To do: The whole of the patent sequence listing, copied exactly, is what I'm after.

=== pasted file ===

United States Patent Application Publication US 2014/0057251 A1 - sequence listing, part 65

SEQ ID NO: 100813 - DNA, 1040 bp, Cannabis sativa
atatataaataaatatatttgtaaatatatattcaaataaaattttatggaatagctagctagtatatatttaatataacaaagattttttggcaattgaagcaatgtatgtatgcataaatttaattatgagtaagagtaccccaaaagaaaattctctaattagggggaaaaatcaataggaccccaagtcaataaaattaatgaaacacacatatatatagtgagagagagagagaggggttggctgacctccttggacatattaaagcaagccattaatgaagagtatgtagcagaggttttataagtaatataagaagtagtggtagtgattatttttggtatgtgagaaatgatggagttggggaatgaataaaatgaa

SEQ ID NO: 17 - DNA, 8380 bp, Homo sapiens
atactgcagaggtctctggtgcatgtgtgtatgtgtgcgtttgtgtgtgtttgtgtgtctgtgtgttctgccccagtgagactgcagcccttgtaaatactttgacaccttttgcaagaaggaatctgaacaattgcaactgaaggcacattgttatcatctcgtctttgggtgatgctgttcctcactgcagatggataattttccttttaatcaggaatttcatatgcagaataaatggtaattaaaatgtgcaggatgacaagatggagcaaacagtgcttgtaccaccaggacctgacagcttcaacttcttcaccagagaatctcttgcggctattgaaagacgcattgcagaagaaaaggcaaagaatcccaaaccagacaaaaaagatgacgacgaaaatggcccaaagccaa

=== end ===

United States Patent Application Publication US 2014/0057251 A1 - sequence listing, part 65

SEQ ID NO: 100813 - DNA, 1040 bp, Cannabis sativa
atatataaataaatatatttgtaaatatatattcaaataaaattttatggaatagctagctagtatatatttaatataacaaagattttttggcaattgaagcaatgtatgtatgcataaatttaattatgagtaagagtaccccaaaagaaaattctctaattagggggaaaaatcaataggaccccaagtcaataaaattaatgaaacacacatatatatagtgagagagagagagaggggttggctgacctccttggacatattaaagcaagccattaatgaagagtatgtagcagaggttttataagtaatataagaagtagtggtagtgattatttttggtatgtgagaaatgatggagttggggaatgaataaaatgaa

SEQ ID NO: 17 - DNA, 8380 bp, Homo sapiens
atactgcagaggtctctggtgcatgtgtgtatgtgtgcgtttgtgtgtgtttgtgtgtctgtgtgttctgccccagtgagactgcagcccttgtaaatactttgacaccttttgcaagaaggaatctgaacaattgcaactgaaggcacattgttatcatctcgtctttgggtgatgctgttcctcactgcagatggataattttccttttaatcaggaatttcatatgcagaataaatggtaattaaaatgtgcaggatgacaagatggagcaaacagtgcttgtaccaccaggacctgacagcttcaacttcttcaccagagaatctcttgcggctattgaaagacgcattgcagaagaaaaggcaaagaatcccaaaccagacaaaaaagatgacgacgaaaatggcccaaagccaa